The sky stretched overhead like a very high, blue ceiling – a lighter color of blue than the picture of Myrtle Beach, but darker than Rolo’s eyes. The sun hung up in the sky, as well, somehow staying there without falling to the ground. It did not have a smiling face or long beams stretching out on all sides like the pictures Dr. Max had drawn. It was a pale, round ball of brightness. It hurt his eyes to start at the sun, so he studied the clouds instead. They were fluffy and white like the snow. (he had already seen snow at this point.)
I thought Jill managed this part of Martyr’s character very well. It was almost like I was seeing these things for the first time too, as I was reading the book. Notice that the sky was like a ceiling, something Martyr had seen before, and the sun was not like the smiley faced drawing he had been shown in the past. These descriptions kept the experience alive and fresh in my mind to the very end of the book.
Of course, the questions Jill posed in this book were good ones: Are clones actually “people”? If they were “created” (so to speak) by man, then did they actually have a purpose beyond the one given to them by man?
In the book, the character of Abby Goyer certainly believed so. Abby is a Christian, though her father is not. She is the one who befriends Martyr in the outside world. Martyr, curious about anything and everything, asks Abby some simple questions about her faith and God which then turn into more complicated ones. Why does she “pray” over her food? Who is she talking to? And so forth and so on. The most interesting thing about these questions was that they truly played on Abby’s knowledge of her faith. How was she going to explain these simple acts that she had taken for granted all of her life to a person who had never, ever heard of such a thing before? And the hardest part was that Martyr’s questions grew larger and more complicated, until she didn’t have answers for them at all.
This part of the story really got me thinking about how well I know my own faith. I’m a Christian, but just how well do I actually know what that means and entails? Or do I just go through the motions half the time, like Abby did on occasion, doing simple things just because it goes along with my faith? And what exactly is my faith? What does it mean, and why do I believe as I do? These questions should all be simple… I’ve faced them before, as most Christians have at one time or another. But the book started me thinking about them again. And, one of the best parts of the book, in my opinion, was watching Martyr come into his faith. He would do things that seemed so simple and sweet… and sometimes things that even Abby couldn’t understand.
(BIG SPOILER ALERT!)
Like when he gave one of his kidneys to the doctor who had cloned him and was going to kill him for both kidneys. Abby asked why he would do such a thing, and clearly thought that he didn’t have to and really shouldn’t have. After all, Dr. Kane, who was dying slowly of Lupus, had been planning the whole time to kill Martyr for no other reason than he wanted his kidneys. Dr. Kane’s justification was that Martyr was a clone, clearly not a real human, and therefore the act was not really murder at all. But as the story progresses there was no doubt in my mind (as I’m sure there will not be in yours) that Martyr and all of the other clones were most definitely human and that Dr. Kane’s actions would have been murder, whether he thought so or not.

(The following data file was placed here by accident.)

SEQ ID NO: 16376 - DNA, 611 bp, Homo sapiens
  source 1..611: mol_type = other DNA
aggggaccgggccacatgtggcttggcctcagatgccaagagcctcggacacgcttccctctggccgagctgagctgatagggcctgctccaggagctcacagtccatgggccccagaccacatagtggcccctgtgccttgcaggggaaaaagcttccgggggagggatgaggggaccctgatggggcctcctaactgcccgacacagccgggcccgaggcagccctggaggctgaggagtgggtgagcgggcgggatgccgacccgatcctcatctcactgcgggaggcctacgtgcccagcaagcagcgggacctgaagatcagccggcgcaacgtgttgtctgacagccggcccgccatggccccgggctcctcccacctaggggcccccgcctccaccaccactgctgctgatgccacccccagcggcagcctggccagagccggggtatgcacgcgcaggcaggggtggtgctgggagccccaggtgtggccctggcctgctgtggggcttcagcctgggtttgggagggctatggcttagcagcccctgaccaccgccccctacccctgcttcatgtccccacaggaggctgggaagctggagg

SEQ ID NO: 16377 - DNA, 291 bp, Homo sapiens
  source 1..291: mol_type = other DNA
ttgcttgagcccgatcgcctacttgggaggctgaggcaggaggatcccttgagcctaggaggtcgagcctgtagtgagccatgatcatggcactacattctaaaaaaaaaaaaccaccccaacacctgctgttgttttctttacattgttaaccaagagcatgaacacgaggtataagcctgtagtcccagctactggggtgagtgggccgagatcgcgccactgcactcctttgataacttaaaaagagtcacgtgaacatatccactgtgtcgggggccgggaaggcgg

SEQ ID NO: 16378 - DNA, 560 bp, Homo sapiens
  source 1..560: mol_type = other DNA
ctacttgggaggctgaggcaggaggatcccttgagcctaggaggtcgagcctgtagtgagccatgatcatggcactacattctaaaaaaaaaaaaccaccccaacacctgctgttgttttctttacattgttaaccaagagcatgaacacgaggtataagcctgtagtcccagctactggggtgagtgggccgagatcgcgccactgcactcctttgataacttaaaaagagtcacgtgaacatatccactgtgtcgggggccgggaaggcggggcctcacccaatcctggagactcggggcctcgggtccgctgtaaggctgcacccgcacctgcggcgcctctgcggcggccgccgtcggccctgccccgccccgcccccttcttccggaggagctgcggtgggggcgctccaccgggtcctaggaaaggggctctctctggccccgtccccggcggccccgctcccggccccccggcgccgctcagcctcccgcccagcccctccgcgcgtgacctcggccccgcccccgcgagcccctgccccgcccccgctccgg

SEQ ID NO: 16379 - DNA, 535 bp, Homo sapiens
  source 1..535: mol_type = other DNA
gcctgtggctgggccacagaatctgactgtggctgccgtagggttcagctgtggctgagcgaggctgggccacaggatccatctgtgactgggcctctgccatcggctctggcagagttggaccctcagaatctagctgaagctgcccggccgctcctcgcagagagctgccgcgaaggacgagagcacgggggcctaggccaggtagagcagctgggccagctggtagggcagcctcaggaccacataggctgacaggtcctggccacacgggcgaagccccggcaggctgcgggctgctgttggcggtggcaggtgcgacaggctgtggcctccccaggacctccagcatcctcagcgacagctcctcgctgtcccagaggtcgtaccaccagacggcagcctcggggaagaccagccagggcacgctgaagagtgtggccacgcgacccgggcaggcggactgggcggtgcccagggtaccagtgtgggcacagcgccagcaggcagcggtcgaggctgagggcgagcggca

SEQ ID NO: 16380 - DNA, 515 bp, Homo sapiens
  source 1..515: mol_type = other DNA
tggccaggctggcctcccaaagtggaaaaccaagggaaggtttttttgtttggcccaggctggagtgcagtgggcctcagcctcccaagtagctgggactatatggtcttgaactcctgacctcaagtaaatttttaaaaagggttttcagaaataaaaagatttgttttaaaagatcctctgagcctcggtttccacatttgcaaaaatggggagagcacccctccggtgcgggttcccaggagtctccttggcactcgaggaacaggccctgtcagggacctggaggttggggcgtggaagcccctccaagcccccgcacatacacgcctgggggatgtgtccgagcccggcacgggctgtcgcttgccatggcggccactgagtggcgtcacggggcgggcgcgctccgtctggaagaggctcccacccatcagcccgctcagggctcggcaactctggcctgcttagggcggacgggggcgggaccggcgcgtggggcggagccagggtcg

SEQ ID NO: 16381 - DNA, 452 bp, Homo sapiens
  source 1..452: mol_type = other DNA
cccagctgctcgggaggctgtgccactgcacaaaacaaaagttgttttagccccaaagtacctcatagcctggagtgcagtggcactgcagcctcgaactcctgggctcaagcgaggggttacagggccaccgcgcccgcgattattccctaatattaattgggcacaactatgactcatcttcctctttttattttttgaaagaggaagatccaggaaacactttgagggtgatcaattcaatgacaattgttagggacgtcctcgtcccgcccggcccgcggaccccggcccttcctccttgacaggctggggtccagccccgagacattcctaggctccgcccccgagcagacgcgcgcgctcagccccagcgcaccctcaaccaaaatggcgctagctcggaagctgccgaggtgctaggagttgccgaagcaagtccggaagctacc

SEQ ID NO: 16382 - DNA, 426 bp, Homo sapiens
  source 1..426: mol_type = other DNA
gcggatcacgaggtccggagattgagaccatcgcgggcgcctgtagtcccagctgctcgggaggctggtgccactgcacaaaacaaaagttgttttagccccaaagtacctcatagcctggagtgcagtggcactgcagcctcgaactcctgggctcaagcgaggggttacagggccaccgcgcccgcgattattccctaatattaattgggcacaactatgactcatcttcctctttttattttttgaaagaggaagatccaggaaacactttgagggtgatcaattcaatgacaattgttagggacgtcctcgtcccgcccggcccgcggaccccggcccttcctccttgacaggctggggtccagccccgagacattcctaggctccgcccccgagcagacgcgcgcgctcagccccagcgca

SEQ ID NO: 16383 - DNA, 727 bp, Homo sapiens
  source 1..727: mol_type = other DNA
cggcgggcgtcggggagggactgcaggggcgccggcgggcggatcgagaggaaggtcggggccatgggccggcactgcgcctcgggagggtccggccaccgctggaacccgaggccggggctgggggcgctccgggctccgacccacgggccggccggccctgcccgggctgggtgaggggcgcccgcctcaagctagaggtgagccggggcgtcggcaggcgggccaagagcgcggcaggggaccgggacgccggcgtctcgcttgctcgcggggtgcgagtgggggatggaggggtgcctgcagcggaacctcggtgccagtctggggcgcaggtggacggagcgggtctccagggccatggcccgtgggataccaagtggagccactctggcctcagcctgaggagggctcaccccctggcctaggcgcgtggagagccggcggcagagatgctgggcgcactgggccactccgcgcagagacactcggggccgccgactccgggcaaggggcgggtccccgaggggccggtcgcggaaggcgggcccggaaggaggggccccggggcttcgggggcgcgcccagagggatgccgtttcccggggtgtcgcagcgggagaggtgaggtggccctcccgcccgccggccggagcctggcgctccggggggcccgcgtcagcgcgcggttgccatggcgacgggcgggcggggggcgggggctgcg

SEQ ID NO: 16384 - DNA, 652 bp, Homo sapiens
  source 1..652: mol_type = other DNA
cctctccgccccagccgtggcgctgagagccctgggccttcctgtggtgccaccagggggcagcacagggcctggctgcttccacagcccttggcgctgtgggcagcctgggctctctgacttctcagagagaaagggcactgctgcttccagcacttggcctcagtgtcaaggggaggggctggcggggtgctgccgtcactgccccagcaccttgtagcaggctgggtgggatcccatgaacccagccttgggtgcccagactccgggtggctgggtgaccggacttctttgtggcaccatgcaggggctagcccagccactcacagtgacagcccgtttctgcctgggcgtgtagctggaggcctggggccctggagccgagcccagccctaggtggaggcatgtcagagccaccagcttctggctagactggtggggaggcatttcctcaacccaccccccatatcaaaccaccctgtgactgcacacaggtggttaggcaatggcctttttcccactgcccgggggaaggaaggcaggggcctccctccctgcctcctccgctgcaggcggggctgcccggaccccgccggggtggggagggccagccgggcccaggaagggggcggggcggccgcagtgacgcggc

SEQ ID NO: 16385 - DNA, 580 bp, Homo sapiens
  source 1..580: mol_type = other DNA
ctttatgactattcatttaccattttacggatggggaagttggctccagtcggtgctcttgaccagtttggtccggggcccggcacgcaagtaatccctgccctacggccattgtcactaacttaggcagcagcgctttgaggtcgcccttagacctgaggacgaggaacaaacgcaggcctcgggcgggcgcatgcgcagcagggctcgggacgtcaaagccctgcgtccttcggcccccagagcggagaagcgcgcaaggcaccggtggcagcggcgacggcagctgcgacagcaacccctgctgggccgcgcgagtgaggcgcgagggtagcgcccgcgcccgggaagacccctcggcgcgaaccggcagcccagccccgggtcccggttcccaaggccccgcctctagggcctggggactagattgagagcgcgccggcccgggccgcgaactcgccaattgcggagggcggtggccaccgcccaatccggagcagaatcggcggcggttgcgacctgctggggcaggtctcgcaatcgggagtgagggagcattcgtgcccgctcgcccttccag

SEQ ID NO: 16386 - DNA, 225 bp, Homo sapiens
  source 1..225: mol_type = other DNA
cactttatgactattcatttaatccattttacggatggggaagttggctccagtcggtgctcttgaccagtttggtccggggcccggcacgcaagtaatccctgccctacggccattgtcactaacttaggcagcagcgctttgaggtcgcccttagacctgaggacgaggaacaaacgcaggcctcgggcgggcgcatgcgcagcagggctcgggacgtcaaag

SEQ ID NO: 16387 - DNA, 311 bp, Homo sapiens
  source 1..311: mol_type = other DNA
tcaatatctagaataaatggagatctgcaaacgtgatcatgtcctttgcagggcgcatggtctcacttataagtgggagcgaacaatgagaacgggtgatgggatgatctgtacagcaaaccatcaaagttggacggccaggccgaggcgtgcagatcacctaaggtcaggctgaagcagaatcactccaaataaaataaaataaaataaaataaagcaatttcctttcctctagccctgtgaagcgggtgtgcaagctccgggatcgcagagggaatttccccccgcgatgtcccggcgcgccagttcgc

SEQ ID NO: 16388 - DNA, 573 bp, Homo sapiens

Martyr’s answer to Abby’s question opened Abby’s eyes to a completely new meaning and depth of the faith that she called her own. He said simply, “Because Jesus would have done it.”
Abby’s reply was that Jesus didn’t have the option of giving away his kidney, especially to a criminal man like Dr. Kane.
But then Martyr quoted from the book of Luke: Love your enemies, do good to those who hate you, bless those who curse you, pray for those who mistreat you. And then he tells Abby, “I have done so for Dr. Kane. That was my purpose for him.”
Wow. I mean really, WOW. That depth, that understanding of God’s true purpose for us… it’s all written right there in the Bible, but how many of us actually think of that verse’s meaning to the extent that Martyr did? How many of us take God’s word and truth that far?
This book was an eye opener. Not only was it compelling science fiction that kept me turning pages long into the night, but it held truths and perceptions that I had either not thought of before, or that I had let my understanding of them go rusty. This was a book well worth reading.
The one trouble I had with the book (and mind you, it is a very small trouble), was how Martyr killed Dr. Elliot. I know it was a sort of pre-considered self defense, and that both Dr. Elliot and Martyr had a mutual dislike of one another… and I know that Dr. Elliot was just plain cruel, partially for the sake of being cruel… but I saw no remorse in Martyr afterward, and for a boy who would give an evil scientist one of his kidneys because that’s what God would have wanted, this seemed partially uncharacteristic.
However, that was just one small scene. Hardly more than a few paragraphs really. Let it not dissuade you from picking up this most excellent book.
I give this book 4 ½ stars out of 5. It was an epic read, and quite memorable for me. That in itself is something to say, as I have read many books, but only a few hold places on my “memorable” list. ;) This is one of them. It’s fresh, funny in all the right places, serious when it needs to be, and fast paced all through. It’s not like any science fiction book I’ve ever read before, and I’ve read enough to tell. I highly recommend this one.
Good luck, Jill, with your other writing endeavors. I know I look forward to reading future books by you. God bless.
And God bless all of you reading this! Go pick up this book: it is definitely worth it. ^_^
Until next time, my friends, HAPPY WRITING! And reading.